Communication from the Commission to the Council and the European Parliament - Financial Perspectives 2007 - 2013
/* COM/2004/0487 final */
COMMUNICATION FROM THE COMMISSION TO THE COUNCIL AND THE EUROPEAN PARLIAMENT - Financial Perspectives 2007 - 2013
In February 2004, the Commission laid out a political project for the Union to tackle the key challenges facing Europe and its citizens until 2013. Its objective was to launch a forward-looking debate on the European Union's goals, and the tools required to make these goals a reality.
If action is to be in place by the target date of 1 January 2007, the debate now needs to move into a new phase. Attention needs to shift to the practical measures required to put the political framework into practice.
To this end, the Commission has been working to develop a set of detailed policy proposals. These proposals make concrete the principles contained in the February Communication: they pursue clear political objectives; they offer real added value; they reflect a process of simplification and respect principles of good governance.
Many of these proposals are now ready. So this is a good moment to take stock of the work done since February, recall the value added of the EU action as well as expenditure required to further the political project proposed by the Commission for 2007-2013, and explain how the delivery instruments of this project will be simplified and rationalised. This is the purpose of this paper.
The paper is accompanied by the first batch of detailed proposals setting out the legal framework for key policy areas. Other proposals will follow, covering areas including external relations, environment, research, and freedom, security and justice.
1. Moving towards a decision
The debate with the Council and Parliament
The adoption of the 10 February Communication "Building our common future, policy challenges and budgetary means of the enlarged union"  was the starting point for a decision on the new financial perspectives. It gave the Council and European Parliament an opportunity to examine the policy proposals made by the Commission. In April, the European Parliament adopted a resolution which kept the focus on the Union's political priorities. In parallel the Council proceeded to a first discussion of the Commission's Communication and the Irish Presidency produced an analytical report which highlighted some of the key areas for further discussion. At the European Council in June, it was agreed to continue work on the issues identified in this report, in particular:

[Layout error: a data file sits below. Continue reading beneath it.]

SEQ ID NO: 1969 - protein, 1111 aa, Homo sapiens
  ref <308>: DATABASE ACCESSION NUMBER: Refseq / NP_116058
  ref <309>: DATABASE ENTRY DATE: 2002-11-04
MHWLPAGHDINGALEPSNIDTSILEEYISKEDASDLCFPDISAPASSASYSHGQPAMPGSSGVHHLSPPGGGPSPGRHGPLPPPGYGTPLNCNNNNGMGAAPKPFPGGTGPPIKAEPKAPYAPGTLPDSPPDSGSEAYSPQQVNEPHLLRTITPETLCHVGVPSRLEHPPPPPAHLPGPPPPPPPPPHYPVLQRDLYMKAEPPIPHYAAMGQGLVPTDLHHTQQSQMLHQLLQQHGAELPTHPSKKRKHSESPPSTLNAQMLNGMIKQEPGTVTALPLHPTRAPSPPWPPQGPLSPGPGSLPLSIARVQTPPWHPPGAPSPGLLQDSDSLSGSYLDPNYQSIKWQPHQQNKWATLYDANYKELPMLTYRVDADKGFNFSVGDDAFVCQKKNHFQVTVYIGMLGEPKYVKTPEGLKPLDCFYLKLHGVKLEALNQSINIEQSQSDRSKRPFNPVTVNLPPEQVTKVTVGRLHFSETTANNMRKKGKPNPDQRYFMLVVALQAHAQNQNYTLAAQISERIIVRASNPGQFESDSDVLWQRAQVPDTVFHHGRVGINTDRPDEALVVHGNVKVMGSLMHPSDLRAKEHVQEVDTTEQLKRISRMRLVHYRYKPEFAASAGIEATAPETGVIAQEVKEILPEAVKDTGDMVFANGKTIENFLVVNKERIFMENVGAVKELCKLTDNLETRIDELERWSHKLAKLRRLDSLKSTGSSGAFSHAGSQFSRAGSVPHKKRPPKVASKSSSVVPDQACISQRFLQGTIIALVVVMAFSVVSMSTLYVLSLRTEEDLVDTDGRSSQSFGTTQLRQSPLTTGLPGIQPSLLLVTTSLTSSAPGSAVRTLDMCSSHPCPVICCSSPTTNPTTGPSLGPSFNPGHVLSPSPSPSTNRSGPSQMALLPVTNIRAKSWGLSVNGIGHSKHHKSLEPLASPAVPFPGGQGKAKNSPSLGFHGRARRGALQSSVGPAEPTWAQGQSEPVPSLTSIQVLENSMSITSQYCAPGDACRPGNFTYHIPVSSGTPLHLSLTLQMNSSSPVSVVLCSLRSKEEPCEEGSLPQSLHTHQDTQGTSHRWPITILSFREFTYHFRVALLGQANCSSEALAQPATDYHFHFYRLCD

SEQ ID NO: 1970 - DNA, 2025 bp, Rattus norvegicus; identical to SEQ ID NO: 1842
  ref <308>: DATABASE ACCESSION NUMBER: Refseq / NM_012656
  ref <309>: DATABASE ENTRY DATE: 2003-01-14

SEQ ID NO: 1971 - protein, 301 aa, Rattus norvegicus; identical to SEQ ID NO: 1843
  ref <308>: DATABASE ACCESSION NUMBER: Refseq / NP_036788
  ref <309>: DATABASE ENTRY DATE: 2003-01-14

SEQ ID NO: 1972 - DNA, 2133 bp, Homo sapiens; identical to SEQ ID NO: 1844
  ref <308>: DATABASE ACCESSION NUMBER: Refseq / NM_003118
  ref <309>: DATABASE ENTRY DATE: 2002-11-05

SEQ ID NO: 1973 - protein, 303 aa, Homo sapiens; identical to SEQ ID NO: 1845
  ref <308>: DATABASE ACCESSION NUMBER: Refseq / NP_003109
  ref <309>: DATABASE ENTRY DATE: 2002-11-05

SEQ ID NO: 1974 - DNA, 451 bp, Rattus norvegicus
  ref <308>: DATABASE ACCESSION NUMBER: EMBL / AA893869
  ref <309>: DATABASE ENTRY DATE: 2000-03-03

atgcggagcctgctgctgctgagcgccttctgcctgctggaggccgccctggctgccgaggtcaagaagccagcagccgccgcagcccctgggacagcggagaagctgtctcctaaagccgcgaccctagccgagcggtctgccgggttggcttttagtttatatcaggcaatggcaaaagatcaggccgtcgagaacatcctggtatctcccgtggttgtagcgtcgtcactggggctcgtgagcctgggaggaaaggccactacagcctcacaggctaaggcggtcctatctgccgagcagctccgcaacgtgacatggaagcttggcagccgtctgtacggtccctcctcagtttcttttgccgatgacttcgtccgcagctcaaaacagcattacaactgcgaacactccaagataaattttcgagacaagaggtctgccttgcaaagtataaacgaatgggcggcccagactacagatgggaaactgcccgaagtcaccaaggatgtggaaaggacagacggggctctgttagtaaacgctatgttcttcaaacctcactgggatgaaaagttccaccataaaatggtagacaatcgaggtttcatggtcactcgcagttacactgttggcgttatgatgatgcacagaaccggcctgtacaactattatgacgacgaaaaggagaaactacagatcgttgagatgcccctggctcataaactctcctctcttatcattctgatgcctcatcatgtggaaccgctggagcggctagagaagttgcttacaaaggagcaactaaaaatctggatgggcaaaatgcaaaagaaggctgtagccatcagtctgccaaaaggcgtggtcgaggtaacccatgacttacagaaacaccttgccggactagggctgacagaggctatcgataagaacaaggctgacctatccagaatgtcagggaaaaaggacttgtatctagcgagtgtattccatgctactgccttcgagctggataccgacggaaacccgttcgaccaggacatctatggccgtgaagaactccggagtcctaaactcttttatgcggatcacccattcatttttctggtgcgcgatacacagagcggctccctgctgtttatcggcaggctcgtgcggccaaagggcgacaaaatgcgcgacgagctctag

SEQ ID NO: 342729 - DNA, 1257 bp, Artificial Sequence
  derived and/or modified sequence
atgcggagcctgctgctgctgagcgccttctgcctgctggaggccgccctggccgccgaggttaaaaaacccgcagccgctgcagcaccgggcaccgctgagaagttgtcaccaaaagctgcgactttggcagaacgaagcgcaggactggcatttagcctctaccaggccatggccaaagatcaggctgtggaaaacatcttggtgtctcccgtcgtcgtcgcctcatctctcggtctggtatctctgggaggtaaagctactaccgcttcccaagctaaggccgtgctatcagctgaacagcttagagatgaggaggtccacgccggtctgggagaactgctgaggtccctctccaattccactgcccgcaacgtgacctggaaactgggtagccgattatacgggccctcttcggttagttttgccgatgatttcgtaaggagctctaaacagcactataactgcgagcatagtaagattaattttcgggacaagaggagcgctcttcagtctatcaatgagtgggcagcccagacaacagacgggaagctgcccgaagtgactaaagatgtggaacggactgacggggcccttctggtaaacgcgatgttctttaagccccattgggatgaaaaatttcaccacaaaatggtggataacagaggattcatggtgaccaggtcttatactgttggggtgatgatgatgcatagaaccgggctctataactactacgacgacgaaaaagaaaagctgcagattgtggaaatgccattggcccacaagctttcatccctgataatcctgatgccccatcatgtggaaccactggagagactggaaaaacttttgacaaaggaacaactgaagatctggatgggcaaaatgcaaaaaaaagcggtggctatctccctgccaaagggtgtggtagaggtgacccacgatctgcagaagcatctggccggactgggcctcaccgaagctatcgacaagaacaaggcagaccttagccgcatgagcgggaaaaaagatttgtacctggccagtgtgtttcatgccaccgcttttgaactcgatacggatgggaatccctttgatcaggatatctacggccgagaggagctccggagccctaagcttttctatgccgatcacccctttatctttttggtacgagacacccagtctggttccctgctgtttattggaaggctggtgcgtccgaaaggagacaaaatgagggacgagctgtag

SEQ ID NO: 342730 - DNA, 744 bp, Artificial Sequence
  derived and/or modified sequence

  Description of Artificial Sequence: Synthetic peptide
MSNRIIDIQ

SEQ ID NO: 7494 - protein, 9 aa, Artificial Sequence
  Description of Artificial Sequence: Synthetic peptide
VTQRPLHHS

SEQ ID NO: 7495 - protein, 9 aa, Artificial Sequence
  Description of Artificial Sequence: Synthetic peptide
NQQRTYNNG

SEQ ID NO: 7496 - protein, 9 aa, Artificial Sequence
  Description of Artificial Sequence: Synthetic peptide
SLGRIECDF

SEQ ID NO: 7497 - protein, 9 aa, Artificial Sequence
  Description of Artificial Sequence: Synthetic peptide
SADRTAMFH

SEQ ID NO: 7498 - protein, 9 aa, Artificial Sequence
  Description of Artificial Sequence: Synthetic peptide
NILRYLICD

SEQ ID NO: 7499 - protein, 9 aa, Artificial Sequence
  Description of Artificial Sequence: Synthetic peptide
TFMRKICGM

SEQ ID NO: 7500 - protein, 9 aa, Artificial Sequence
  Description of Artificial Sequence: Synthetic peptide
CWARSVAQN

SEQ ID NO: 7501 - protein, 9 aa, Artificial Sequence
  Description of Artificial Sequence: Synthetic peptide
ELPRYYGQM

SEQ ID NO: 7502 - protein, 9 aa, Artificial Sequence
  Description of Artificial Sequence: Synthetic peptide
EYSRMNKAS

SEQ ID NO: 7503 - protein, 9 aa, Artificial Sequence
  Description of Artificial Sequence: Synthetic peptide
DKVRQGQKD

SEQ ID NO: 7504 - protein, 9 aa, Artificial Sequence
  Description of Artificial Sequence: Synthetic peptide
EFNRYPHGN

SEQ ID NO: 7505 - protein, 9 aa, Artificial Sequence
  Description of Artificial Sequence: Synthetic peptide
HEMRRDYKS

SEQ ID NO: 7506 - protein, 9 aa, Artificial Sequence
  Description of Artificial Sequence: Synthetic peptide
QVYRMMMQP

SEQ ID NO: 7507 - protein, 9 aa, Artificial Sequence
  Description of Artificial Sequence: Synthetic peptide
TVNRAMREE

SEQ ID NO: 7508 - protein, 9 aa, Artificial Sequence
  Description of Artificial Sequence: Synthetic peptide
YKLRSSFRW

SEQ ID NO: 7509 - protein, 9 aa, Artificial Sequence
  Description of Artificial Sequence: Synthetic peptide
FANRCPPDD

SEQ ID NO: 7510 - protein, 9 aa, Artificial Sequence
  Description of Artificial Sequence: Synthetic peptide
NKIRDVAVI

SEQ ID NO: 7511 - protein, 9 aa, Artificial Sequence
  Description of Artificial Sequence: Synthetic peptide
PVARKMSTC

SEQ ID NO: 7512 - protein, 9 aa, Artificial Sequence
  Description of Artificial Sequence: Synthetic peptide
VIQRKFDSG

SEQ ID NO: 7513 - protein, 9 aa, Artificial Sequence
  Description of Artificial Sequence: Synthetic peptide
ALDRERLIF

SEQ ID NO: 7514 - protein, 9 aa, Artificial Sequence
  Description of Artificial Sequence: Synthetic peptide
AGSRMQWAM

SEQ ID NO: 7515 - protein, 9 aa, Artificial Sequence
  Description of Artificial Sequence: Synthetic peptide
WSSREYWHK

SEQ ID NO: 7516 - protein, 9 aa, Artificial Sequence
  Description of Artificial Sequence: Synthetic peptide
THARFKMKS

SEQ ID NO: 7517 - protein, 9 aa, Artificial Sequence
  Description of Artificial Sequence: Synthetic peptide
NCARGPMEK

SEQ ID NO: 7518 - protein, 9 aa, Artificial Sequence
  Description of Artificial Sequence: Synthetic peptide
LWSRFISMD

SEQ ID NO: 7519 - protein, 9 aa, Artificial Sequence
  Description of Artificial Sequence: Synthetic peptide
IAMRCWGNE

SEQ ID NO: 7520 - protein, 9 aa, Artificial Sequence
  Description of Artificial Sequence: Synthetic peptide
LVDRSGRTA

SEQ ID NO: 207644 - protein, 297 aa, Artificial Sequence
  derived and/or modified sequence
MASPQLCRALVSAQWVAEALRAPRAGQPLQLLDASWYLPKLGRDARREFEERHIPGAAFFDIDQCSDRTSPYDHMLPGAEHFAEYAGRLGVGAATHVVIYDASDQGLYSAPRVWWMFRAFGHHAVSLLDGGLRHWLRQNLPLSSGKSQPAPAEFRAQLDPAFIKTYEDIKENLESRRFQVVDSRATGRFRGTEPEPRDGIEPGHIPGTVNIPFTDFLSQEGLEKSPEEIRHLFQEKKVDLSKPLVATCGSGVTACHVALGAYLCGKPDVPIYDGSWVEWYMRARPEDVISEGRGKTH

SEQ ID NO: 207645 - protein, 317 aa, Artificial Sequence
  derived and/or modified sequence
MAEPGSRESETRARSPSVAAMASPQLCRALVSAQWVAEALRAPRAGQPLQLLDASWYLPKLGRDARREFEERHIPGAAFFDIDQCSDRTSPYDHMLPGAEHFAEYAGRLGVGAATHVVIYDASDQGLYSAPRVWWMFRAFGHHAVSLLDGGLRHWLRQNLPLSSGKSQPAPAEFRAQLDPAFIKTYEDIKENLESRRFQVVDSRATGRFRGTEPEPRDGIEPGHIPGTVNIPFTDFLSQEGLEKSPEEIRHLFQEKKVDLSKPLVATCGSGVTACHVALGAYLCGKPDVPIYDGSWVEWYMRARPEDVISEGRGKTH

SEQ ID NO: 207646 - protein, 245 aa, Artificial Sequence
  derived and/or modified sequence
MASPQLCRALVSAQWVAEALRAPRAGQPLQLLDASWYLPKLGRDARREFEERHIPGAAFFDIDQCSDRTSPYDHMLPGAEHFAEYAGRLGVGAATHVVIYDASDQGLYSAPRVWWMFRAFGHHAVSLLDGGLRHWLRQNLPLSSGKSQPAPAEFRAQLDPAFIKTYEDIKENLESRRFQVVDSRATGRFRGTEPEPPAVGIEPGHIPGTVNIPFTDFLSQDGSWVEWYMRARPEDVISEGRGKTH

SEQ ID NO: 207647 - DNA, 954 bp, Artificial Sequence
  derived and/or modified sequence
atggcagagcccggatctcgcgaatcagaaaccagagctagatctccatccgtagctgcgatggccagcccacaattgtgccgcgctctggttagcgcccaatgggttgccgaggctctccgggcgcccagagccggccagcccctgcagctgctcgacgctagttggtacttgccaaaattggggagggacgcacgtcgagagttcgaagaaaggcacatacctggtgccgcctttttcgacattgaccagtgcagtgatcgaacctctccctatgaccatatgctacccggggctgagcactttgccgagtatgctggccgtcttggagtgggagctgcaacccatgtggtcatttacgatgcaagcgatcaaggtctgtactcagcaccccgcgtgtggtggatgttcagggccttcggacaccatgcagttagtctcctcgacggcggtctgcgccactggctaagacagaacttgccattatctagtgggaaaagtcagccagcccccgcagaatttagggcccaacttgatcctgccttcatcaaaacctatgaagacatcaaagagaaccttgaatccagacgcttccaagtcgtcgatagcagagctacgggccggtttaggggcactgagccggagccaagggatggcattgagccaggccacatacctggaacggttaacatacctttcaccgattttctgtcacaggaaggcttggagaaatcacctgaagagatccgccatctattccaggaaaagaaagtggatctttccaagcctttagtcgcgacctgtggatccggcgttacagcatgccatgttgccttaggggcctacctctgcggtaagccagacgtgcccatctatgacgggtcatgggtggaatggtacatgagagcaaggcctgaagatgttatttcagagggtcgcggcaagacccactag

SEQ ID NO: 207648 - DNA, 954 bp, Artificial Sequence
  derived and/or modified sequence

- the need for a stricter prioritisation between different calls on spending;
- the level of expenditure required to meet Member States' ambitions for the Union;
- a deeper analysis of the value added by EU expenditure.
The Commission welcomes these first reactions to its Communication and to the priorities it had identified.
Building on this debate, the Commission intends to spell out in more detail its analysis of the value added of the proposed actions and of the proposed governance instruments, to allow Member States to move the debate forward. The current Communication and the adoption of legislative proposals are further input to this discussion.
It is worth recalling some of the starting points of this debate, which determine the priorities set by the Commission in its proposal:
* The EU Budget is limited in size. Compared to national budgets which take up an average of around 45% of national income, the EU Budget is only a little over 1%. The Commission did not propose any change in the ceiling on resources to be determined at EU level, which remains at 1.24% of gross national income, but only an increase in the resources used within that ceiling. Mobilising this margin became necessary because of the increasing responsibilities of the Union and of the cost of successive enlargements: against this background, it should be noted that the increase rate of the EU budget over the last
* 7 years was half of the increase of the Member States budgets.
* Many of the political decisions which will determine the next Financial Perspectives have already been taken. These already set clear spending requirements:
- The current phase of enlargement will add 5% to the Union's GDP - and to its revenues - but with 30% extra population. It follows that expenditure will increase more than revenue. For example, enlargement means 4 million additional farmers, an increase of 50%,, and a doubling of income disparities between rich and poor. The Budget is expected to support the Lisbon strategy and the transformation of the EU economy towards competitiveness and innovation;
- The agreement reached on agricultural financing to 2013 already determines a large share of the EU Budget;
- The European Union is to take on new tasks at EU level, in particular in the area of freedom, security and justice to deal with new security threats and crises;
- The need for Union to act outside its borders - and the expectation that it will do so effectively - has grown, at the same time as the stability of neighbouring countries has become more vulnerable.
The political consensus for action
The proposals made build on the work of the Council and the European Parliament to develop a clear vision of Europe's future. There is a broad political consensus about where the Union must act; this is reflected in the Treaty and the Constitution, in European Parliament resolutions, and in European Council conclusions. Core goals like employment, sustainable development, security and an effective world role are firmly established: